FOWEY MUSIC AND LITERATURE FESTIVAL
It’s festival time in Fowey - as the greats in modern literature and music gather to remember the town’s literary matriarch, Daphne du Maurier
It’s festival time in Fowey - as the greats in modern literature and music gather to remember the town’s literary matriarch. JENNETTE MARTIN, chairman of the du Maurier Festival Society provides a sneak preview
We are delighted to welcome back Justine Picardie, author in her own right and Editor-in-chief of Harper’s Bazaar magazine, who will present the du Maurier Lecture 2014.
Also joining the festival this year is Ruth Rendell, the internationally award-winning author of over 50 novels including books based on Chief Inspector Reginald Wexford. Ruth has won many crime fiction awards during her career and will be in conversation with the Sunday Times Chief Fiction Reviewer, Peter Kemp.
Meet the woman behind such titles as Trial and Retribution, Above Suspicion and Prime Suspect. Lynda La Plante, whose work spans several genres; acting, TV production and screenplays, will be in conversation with a guest interviewer and will be talking about her internationally bestselling books and television work.
A Literary Question Time panel presents Richard Madeley, Judy Finnigan (pictured above), and bestselling author Veronica Henry as well as a literary agent and a publicist in conversation with the audience. This event trails the A-Z of taking the initial concept of a book right through to getting it published and promoted. Bring along your questions and find out how to get on the other side of fame and fortune!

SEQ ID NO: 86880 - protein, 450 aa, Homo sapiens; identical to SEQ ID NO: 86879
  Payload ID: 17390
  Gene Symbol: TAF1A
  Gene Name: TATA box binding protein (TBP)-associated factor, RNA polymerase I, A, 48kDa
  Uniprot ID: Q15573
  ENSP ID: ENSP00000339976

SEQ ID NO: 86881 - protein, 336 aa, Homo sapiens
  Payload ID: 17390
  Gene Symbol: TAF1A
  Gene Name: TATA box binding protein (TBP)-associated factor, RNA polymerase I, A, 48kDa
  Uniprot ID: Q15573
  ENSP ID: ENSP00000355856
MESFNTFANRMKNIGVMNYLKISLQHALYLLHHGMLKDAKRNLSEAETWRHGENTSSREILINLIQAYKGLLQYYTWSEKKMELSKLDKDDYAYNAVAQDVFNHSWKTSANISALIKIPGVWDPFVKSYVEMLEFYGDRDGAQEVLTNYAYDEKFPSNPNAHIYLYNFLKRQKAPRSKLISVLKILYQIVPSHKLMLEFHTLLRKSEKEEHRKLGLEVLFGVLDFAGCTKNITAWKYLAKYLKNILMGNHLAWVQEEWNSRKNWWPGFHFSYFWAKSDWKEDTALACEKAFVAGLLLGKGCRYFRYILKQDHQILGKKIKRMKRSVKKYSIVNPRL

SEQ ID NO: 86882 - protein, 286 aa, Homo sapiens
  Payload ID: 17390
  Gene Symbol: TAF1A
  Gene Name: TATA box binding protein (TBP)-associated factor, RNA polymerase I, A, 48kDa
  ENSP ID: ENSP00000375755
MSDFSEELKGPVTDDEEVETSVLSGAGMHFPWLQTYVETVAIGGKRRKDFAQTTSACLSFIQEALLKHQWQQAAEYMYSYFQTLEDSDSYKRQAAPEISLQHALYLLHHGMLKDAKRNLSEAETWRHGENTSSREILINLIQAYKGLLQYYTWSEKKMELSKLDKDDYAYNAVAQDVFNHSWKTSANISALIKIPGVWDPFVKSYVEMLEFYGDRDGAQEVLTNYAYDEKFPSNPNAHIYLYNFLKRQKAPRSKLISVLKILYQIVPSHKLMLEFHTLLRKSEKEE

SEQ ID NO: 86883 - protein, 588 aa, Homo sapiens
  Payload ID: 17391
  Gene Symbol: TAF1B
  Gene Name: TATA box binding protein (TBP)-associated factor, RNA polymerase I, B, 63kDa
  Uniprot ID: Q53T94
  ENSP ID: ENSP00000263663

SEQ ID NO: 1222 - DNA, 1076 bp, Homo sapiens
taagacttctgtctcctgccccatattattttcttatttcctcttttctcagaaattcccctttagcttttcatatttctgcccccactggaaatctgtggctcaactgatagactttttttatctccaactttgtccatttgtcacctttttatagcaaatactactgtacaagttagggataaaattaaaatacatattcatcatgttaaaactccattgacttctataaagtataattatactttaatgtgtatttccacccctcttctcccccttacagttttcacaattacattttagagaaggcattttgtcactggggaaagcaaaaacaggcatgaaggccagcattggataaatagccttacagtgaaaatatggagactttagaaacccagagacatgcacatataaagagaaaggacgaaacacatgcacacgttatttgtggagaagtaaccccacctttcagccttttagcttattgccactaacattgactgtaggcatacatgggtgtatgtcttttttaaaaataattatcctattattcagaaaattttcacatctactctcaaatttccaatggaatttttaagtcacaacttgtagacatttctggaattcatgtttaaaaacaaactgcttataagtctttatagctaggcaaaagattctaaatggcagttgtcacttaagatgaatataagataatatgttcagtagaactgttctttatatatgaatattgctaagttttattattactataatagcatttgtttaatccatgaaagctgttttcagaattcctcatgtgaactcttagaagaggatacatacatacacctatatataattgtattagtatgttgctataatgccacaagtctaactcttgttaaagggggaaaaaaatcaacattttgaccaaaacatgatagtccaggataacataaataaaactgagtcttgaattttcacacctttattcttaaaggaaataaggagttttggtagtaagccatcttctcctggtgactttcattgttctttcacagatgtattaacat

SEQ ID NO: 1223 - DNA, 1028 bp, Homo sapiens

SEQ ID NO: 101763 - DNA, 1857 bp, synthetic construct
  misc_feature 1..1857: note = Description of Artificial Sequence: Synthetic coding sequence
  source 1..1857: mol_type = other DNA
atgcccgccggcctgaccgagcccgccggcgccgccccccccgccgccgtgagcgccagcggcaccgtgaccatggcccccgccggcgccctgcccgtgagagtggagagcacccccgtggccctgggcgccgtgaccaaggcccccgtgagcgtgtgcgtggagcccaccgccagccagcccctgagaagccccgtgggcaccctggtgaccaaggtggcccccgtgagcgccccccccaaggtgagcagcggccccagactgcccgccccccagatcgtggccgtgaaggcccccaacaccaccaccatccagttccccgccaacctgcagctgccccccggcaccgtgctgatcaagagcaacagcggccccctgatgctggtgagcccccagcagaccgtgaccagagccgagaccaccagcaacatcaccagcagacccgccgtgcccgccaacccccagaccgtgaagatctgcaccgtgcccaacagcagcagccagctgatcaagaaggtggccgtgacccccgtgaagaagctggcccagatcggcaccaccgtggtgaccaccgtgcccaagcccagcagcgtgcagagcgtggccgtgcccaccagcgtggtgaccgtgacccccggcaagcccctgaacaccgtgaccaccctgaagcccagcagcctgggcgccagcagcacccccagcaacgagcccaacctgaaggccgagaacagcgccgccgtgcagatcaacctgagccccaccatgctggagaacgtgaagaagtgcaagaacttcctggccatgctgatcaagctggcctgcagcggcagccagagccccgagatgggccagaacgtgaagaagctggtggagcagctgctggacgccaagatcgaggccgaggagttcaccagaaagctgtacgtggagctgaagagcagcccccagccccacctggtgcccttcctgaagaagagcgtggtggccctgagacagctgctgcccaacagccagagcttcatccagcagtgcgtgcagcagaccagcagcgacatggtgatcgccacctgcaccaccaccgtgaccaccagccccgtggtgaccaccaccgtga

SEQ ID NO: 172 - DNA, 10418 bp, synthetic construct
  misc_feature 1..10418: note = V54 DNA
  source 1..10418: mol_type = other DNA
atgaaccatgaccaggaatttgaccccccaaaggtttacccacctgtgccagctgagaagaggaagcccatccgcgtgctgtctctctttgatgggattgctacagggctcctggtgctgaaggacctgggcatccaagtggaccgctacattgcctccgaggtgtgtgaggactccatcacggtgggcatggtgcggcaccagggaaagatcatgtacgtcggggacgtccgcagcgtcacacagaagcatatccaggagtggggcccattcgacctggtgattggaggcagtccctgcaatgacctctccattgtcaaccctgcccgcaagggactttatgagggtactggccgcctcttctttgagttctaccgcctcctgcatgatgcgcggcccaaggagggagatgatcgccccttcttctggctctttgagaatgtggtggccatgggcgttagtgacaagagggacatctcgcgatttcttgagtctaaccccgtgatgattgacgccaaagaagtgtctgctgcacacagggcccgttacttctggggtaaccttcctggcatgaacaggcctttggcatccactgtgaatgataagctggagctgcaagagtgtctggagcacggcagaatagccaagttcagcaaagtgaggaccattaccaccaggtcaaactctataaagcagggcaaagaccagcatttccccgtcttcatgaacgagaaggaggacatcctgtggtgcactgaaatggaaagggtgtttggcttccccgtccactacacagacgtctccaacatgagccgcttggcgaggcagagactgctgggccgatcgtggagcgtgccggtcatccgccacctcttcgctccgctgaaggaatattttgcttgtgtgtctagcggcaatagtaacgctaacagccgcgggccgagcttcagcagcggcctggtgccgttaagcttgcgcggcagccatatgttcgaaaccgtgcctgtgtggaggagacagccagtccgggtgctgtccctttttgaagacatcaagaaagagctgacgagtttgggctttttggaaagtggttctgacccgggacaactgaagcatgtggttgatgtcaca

Recognising the legacy of Daphne du Maurier and the legacy she left on literature, Dr Laura Varnam will be running Reading Groups on two of the author’s best loved works; Frenchmen’s Creek and House on the Strand. These will take place alongside Creative Writing Workshops with Robert Magnuson Smith, Jane Feaver and Sam North; a great opportunity to work with published authors in a beautiful intimate setting.
Ann Widdecombe brings her own inimitable style to the festival and talks about her biography, Strictly Ann, whilst Irma Kurtz, professional agony aunt for more than 40 years, shares her wisdom and insight into subjects that concern and trouble us most through her book, My Life in Agony.